Thursday, May 19, 2016

"Medicine may become a public health danger."

"I think we're reaching a tipping point that unless we do something medicine may become a public health danger." 

This is Ioannidis's opening line in this 5 min interview at annual Lown conference.

This is the question that most interests me- is health care, on the whole, more harmful than helpful? Is it a public health menace? If all doctors, hospitals, clinics, drugs, operating rooms, nurses suddenly vanished (along with the $2 trillion price tag), would Americans live longer healthier lives?

What does a back-of-the-envelope calculation of cost/benefit of health care look like?

I think a rough calculation would be very interesting.

If health care is so great, a rough calculation should be able to easily show it?

If a rough calculation is difficult, that argues the case that health care is at least close to being harmful (and maybe we should walk off the job?)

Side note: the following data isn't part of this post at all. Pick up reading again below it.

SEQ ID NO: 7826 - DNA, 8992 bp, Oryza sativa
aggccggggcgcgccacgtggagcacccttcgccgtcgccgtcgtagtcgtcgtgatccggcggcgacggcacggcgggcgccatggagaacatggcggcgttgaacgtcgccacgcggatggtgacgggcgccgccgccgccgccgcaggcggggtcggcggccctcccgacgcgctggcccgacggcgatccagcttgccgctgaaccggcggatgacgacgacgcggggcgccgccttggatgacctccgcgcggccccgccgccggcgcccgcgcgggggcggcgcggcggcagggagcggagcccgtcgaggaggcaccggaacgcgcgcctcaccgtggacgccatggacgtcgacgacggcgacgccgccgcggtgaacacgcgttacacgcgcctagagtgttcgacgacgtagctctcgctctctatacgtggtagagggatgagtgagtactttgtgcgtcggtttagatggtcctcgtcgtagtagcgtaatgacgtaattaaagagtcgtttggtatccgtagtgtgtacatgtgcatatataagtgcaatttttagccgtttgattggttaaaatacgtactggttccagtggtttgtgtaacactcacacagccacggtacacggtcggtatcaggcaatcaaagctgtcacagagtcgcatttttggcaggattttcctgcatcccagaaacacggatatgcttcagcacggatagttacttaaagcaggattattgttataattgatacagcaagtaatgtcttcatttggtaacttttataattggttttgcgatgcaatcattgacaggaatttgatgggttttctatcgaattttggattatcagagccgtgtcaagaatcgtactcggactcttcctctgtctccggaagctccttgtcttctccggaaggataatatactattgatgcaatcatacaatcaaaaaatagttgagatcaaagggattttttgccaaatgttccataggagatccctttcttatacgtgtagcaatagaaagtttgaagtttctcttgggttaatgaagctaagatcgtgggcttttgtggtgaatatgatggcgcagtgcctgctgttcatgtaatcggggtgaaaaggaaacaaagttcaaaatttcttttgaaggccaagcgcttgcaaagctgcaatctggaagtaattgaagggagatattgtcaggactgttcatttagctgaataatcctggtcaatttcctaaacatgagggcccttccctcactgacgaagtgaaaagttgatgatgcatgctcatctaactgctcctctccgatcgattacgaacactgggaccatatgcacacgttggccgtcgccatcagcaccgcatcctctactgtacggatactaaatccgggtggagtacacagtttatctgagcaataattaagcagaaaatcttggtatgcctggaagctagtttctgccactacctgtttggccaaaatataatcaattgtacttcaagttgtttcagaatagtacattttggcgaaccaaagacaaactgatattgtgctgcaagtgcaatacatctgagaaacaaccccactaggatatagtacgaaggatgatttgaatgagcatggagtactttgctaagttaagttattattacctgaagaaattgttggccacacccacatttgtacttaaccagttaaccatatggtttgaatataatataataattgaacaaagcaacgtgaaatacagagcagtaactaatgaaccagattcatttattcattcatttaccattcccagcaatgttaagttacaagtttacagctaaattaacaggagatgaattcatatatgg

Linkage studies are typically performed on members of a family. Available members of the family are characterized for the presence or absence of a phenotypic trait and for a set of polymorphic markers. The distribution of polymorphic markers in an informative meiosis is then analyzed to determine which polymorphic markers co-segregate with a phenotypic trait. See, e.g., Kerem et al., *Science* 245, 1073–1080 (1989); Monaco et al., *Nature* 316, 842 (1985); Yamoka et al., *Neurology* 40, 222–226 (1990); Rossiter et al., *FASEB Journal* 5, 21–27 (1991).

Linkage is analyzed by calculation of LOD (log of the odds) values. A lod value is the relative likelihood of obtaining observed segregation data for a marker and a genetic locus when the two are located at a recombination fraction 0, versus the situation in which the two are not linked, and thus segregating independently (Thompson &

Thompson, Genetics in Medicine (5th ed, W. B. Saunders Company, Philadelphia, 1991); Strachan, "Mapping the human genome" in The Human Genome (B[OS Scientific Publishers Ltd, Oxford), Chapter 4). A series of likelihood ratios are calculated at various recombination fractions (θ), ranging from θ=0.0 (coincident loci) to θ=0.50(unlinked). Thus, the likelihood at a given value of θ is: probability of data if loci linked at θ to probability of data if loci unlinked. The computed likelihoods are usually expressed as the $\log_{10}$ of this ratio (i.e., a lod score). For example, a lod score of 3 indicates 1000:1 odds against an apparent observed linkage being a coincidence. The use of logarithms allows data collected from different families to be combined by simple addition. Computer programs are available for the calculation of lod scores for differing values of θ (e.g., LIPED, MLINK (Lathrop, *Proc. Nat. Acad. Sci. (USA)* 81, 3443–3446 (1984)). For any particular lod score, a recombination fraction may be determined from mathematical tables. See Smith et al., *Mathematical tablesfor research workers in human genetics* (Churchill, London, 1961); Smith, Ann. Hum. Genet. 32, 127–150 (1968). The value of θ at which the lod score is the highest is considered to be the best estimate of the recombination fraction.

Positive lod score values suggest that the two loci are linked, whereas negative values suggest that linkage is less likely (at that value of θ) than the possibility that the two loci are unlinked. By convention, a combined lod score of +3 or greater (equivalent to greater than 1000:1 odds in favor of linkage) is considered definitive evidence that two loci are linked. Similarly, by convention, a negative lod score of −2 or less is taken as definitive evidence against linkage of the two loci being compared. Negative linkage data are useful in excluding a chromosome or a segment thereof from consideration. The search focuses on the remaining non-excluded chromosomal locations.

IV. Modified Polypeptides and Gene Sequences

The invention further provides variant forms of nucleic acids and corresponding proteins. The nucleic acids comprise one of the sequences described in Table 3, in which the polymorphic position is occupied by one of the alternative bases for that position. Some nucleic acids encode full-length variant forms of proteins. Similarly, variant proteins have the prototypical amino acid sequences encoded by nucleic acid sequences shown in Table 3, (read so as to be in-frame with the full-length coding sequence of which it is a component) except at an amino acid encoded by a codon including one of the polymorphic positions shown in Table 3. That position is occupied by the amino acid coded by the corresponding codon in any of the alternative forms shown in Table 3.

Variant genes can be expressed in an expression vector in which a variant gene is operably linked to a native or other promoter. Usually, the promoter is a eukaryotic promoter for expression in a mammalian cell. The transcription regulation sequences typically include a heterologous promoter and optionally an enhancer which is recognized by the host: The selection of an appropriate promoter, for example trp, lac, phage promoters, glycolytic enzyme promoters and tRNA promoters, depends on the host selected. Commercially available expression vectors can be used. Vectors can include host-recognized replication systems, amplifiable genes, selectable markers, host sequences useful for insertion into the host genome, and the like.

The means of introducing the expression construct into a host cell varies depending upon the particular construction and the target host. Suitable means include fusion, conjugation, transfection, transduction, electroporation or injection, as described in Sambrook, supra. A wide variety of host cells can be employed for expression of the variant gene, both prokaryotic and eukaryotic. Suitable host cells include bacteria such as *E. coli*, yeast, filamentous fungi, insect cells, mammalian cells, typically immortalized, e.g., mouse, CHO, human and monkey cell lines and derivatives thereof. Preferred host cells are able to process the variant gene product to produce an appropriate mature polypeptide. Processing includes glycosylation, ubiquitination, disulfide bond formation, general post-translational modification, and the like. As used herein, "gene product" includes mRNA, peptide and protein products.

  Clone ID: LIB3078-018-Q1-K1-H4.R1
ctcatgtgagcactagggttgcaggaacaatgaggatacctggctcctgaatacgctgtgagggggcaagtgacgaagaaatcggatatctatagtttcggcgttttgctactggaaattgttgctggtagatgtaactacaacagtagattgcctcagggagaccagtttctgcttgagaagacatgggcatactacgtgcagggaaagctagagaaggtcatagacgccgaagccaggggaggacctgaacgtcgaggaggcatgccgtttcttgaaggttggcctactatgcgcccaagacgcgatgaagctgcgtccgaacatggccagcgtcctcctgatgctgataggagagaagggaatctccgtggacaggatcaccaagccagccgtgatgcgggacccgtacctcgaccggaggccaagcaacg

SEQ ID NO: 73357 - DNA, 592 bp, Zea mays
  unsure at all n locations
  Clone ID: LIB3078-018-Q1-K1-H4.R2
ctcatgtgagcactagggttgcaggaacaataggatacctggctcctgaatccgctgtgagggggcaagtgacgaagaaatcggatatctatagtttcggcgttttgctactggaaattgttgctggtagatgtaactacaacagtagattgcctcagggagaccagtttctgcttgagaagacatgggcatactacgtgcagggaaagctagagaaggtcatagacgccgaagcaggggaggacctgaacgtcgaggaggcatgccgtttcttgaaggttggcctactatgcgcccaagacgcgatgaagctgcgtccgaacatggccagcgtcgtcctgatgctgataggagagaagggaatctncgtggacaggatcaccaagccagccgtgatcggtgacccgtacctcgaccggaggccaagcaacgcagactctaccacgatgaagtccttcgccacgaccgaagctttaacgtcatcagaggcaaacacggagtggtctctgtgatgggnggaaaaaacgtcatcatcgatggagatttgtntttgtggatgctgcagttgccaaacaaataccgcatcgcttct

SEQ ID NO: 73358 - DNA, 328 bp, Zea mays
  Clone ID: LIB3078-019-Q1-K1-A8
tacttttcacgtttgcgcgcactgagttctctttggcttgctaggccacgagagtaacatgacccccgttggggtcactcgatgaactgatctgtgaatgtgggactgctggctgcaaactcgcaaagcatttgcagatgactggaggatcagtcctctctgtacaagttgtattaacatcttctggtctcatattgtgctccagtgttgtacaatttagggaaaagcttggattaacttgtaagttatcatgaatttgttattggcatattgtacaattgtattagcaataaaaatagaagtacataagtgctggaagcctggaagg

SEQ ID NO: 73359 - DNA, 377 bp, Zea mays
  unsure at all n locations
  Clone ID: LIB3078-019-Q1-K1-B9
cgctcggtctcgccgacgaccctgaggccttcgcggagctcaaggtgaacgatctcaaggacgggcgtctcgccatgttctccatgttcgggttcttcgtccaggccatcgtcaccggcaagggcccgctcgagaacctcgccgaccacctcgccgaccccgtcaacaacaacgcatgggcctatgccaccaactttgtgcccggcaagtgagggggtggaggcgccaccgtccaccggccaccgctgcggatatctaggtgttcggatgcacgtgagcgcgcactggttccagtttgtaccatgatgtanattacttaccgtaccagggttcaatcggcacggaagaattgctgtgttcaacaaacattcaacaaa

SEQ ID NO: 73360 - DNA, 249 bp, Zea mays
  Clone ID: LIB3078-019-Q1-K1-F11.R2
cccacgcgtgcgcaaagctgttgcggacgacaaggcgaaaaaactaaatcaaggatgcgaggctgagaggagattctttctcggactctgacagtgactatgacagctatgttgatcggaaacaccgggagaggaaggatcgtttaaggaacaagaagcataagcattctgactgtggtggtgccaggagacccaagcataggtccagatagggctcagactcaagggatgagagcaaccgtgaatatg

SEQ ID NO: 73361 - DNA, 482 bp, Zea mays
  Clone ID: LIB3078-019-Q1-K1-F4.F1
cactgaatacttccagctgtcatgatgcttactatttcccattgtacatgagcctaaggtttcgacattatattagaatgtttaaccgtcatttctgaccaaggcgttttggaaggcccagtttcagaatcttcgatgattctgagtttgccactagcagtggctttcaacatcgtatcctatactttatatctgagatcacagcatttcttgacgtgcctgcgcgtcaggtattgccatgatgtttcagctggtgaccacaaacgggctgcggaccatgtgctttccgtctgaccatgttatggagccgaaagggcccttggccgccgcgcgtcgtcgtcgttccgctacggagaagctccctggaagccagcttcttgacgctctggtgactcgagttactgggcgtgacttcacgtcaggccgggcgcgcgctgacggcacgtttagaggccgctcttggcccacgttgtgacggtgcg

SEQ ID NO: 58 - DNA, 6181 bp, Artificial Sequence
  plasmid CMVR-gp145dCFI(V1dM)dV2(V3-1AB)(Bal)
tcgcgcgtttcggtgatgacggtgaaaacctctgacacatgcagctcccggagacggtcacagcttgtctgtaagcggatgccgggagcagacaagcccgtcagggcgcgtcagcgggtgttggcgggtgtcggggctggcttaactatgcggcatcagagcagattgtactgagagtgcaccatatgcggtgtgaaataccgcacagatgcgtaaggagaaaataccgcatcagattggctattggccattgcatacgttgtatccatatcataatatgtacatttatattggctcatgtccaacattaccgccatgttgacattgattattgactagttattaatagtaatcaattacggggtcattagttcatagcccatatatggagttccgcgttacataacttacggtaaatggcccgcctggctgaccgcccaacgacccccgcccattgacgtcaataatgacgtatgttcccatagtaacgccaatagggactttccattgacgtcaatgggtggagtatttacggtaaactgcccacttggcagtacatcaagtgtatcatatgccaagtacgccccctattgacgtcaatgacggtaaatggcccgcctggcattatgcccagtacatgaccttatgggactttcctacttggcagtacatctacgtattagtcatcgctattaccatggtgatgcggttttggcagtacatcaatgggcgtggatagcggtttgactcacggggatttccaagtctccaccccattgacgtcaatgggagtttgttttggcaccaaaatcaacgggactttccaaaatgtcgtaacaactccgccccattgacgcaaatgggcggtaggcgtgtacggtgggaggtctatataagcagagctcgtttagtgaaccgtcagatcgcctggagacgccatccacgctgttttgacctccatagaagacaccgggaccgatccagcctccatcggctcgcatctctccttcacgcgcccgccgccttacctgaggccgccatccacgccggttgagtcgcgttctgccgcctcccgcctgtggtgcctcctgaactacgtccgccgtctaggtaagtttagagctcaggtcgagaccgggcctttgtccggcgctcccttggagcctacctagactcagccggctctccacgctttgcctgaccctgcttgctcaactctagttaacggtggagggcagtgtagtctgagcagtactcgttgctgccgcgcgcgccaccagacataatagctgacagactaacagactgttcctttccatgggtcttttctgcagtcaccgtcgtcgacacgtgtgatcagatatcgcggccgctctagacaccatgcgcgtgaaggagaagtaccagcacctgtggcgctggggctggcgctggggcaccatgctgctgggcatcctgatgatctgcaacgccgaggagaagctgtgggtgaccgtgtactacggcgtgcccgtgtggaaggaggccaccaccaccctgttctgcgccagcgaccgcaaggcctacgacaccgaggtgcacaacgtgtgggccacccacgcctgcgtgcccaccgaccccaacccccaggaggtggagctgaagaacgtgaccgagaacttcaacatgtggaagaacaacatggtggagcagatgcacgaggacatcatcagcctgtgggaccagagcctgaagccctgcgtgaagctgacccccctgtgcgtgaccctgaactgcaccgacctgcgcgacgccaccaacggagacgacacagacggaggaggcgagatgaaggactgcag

Monday, May 2, 2016

The Medical Bait and Switch

Image result for thinking fast and slow

I just discovered a thinking fallacy featured in the book "Superforecasting." It happens all the time in medicine.

It's called the bait and switch. It's similar to anchoring, but different.

It happens when, confronted with a difficult and foreign problem, a person substitutes an easier-to-solve and more intuitive problem, and then answers that problem. 

When someone comes to the emergency room with shortness of breath, this is a complex problem with many, many possible causes, often mixed together. Rather then get to the bottom of this, we substitute shortness of breath with a simpler problem- pulmonary edema from heart failure. Mild pulmonary edema is a much easier problem than shortness of breath. We give a relatively harmless medicine, furosemide, quantify that we're making progress by measuring its effect on weight loss or negative fluid balance, and then dust our hands of the problem and congratulate ourselves on another job well done. 

Meanwhile, while hospitalized for a few days, the patient is removed from whatever insult caused the shortness of breath (maybe the mold in their apartment triggers asthma, or the challenges of insecure housing, nutrition or basic safety, or substance use). During that remove, they feel better and their shortness of breath improves. 

They feel especially better when suggested by their doctors' leading query: "Are you feeling better?" 

This is even more effective when phrased like "You've lost a liter of fluid and your chest X-ay is clear, are you breathing better?" Who could say no?